Exploring the Mystery of Why We Make Art

For the last few months, I've been feeding my need for knowledge and education in a number of ways including listening to The Great Courses on CD in my car. I'm just finishing up a 24-lecture series titled Understanding the Mysteries of Human Behavior by Professor Mark Leary of Duke University. I've thoroughly enjoyed the series, finding myself curious to learn more about the various topics and studies covered in this psychology lecture series.

I've been entertained, delighted, and pleasantly surprised by a number of facts. Today, however, I had my first experience of disagreement with the final lecture, "A Few Mysteries We Can't Explain Yet."

One of the topics covered in this particular lecture is the behavior of creating and enjoying art. While I'm intensely interested in what makes people do what they do and appreciate the science that explains it, I'm also an artist at heart. So I listened up a touch more when Dr. Leary first introduced the topic. After all, I spent four and a half of my finest years in classes at the Herron School of Art and Design at Indiana University-Purdue University at Indianapolis. This topic presented by a personality and social psychology is a welcome intersection of parts of my self.

The professor said that it is rare for people to engage in artistic activity by themselves and never share their creations with anyone. Surely I am not rare. I create – or as he said, "do art" – for myself alone more than I create for others. I write prose and poetry I have and will never share. I draw and paint for no one but myself. And while I'm a data set of one, I can't imagine that I'm alone even though I do like to think I'm unique.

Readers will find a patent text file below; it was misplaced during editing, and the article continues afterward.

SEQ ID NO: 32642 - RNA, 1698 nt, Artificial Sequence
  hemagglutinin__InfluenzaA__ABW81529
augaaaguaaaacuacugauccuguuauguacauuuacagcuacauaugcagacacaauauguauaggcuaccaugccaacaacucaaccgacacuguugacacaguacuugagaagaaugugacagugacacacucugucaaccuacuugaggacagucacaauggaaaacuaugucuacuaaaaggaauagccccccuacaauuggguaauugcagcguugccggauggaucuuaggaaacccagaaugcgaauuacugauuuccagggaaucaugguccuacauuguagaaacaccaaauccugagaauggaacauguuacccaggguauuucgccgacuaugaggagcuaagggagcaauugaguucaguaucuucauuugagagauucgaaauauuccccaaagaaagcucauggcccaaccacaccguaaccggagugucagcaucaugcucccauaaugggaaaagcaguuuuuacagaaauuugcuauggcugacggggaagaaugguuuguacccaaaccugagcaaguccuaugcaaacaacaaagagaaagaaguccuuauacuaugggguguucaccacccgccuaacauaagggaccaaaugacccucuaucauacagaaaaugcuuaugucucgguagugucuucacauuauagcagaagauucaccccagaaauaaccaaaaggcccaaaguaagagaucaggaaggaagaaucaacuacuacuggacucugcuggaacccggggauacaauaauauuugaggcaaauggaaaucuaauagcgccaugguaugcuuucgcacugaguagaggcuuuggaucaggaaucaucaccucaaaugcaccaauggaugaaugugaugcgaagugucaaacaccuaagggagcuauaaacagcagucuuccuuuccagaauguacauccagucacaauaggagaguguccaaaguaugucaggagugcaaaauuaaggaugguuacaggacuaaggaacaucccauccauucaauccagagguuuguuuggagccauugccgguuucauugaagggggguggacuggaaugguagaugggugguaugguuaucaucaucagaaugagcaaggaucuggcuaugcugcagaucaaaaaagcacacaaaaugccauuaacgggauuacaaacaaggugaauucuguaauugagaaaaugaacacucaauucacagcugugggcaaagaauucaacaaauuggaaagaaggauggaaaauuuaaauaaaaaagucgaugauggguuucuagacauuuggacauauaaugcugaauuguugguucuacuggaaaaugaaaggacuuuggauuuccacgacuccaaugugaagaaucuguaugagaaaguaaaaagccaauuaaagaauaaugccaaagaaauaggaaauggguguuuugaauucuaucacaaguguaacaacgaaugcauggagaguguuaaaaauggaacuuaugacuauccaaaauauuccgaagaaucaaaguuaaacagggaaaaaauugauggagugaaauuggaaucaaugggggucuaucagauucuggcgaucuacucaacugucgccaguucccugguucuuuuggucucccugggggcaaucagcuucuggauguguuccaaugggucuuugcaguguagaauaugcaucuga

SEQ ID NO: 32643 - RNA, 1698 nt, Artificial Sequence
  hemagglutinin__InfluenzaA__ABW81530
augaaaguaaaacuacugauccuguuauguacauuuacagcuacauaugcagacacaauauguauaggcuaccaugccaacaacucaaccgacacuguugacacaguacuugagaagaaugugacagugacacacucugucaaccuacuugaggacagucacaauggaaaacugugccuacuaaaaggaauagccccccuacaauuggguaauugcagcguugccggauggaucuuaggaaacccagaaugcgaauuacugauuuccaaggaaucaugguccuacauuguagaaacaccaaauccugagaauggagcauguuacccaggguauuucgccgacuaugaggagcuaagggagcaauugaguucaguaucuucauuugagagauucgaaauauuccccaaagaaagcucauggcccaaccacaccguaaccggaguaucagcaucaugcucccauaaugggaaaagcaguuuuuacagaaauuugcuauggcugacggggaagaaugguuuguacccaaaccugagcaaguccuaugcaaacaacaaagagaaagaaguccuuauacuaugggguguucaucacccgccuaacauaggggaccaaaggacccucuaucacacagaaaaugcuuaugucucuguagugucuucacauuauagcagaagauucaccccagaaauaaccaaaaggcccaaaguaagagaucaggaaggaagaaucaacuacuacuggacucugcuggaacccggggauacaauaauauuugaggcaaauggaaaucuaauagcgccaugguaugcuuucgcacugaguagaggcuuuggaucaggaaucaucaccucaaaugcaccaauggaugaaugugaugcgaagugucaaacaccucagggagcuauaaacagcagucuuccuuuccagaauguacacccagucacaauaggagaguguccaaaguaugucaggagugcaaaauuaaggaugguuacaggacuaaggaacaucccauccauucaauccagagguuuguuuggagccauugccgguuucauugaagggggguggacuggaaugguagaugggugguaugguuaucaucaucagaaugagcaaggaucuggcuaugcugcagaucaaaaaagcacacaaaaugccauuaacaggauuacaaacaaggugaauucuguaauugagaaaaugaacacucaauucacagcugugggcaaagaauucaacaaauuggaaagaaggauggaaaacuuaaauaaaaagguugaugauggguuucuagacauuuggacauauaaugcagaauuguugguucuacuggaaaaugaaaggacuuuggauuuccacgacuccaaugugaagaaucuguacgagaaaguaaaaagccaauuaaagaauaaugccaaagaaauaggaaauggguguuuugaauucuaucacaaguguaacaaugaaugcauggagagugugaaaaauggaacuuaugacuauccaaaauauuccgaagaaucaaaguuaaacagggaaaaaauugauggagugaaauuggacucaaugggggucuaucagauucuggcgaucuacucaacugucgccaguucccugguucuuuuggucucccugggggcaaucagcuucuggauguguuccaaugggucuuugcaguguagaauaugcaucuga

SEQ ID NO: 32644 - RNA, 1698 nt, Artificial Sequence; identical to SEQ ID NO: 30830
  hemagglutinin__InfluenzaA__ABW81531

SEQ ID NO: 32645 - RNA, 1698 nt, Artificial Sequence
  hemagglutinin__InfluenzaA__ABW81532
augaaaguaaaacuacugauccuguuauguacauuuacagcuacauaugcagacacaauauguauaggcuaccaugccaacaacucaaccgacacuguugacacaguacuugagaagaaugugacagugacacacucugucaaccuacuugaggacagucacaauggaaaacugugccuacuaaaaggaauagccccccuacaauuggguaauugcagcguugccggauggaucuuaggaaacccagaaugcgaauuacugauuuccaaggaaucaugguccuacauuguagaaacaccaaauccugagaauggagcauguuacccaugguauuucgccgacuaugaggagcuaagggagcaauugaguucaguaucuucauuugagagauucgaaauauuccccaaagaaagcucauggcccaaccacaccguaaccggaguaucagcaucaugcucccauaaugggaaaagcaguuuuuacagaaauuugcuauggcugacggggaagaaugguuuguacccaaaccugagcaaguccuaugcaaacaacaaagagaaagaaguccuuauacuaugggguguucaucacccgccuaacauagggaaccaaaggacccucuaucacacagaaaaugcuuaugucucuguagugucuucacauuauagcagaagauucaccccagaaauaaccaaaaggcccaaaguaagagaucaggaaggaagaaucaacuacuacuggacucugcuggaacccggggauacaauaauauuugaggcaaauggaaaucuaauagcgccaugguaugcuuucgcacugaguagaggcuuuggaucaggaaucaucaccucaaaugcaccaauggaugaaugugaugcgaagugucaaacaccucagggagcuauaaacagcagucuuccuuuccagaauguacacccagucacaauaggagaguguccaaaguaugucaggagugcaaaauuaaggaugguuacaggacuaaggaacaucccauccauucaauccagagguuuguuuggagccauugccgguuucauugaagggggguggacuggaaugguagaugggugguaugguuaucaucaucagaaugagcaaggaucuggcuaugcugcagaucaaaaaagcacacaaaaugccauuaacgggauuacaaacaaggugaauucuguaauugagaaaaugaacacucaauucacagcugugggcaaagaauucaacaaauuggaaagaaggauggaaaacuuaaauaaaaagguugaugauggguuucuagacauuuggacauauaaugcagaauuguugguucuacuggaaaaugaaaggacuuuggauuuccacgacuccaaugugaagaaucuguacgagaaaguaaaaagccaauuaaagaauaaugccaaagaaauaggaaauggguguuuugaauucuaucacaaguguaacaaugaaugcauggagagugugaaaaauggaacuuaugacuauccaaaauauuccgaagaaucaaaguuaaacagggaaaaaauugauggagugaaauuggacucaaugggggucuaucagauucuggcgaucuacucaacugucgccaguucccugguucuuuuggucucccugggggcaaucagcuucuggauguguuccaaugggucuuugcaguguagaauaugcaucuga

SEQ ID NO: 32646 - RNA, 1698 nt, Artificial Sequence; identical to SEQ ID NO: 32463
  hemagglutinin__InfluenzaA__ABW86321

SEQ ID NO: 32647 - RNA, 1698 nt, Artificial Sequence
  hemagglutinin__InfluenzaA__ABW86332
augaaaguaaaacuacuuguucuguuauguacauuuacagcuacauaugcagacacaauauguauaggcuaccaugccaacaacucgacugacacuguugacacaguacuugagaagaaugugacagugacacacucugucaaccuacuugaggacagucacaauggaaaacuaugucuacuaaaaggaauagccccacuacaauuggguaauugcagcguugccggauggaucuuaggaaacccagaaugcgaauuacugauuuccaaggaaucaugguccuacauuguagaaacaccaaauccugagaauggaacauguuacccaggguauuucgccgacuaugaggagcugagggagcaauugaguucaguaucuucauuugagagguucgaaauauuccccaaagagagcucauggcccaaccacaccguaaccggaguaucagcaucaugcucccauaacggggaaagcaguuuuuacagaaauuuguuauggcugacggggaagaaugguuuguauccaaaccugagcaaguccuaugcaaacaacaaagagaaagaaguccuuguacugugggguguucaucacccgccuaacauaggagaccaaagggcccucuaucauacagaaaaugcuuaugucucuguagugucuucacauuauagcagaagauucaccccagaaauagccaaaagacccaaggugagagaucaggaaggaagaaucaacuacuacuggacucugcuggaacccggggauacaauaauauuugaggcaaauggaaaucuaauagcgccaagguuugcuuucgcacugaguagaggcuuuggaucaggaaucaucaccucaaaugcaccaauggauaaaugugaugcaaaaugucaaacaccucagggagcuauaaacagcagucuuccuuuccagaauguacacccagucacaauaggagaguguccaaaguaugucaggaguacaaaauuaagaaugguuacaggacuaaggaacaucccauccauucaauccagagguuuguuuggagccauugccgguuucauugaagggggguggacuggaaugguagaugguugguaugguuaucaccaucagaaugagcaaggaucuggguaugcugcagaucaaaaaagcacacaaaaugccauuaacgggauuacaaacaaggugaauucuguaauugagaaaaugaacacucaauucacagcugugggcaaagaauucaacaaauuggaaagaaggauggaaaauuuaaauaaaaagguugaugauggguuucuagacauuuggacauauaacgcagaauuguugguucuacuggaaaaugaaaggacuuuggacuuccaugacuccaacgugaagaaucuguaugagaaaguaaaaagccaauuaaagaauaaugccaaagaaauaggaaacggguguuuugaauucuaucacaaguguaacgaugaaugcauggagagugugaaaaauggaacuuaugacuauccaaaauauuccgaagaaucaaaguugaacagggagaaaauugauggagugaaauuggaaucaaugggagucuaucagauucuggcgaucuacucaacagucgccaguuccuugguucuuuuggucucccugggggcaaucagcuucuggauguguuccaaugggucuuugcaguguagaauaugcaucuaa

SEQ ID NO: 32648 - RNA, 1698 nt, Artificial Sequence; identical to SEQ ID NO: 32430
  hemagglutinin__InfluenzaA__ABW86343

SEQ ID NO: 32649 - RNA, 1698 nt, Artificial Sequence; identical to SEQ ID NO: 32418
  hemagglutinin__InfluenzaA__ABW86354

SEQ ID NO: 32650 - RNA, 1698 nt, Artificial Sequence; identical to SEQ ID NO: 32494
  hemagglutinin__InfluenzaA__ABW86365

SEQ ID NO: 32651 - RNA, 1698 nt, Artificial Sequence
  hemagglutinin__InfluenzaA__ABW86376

I also enjoy art alone. I will purchase art, listen to music or read literature without every telling another soul. Am I missing the lecturer's point that the enjoyment of art happens in groups? Obviously my assumptions are not scientific. I'll admit that.

Then I had to laugh when, while discussing the self-expression aspect of art making, the professor said that it's not clear why artists would express themselves in these symbolic ways rather than just telling someone more straightforwardly.

I don't believe language is the only form of communication. Some concepts transcend language. Sometimes art is the best way to express ideas. Am I out of line to say it's that obvious?

Sure, I probably need to come back to what these lectures have been about – the science of human behavior. Even Dr. Leary notes that it's extremely difficult to study artistic activity because the act of being studied changes the activity. I suppose it's not particularly empirical simply to say that creative endeavor is simply part of being human. Maybe being an artist gives me a different perspective than being a scientist. Maybe the philosopher in me is battling the scientist in me.

Dr. Leary hypothesized that perhaps we engage in artistic pursuits, not for the product, but for the process. He talked about the flow experience and how pleasant it may be for artists and enjoyers of art. On this, we can agree.

Don't let my little disagreement stop you from enjoying the other eleven hours and 25 minutes of these lectures. They're well worth the time. Okay, even that other five minutes are worth the time.

Mark Leary's latest book is The Curse of the Self: Self-Awareness, Egotism, and the Quality of Human Life.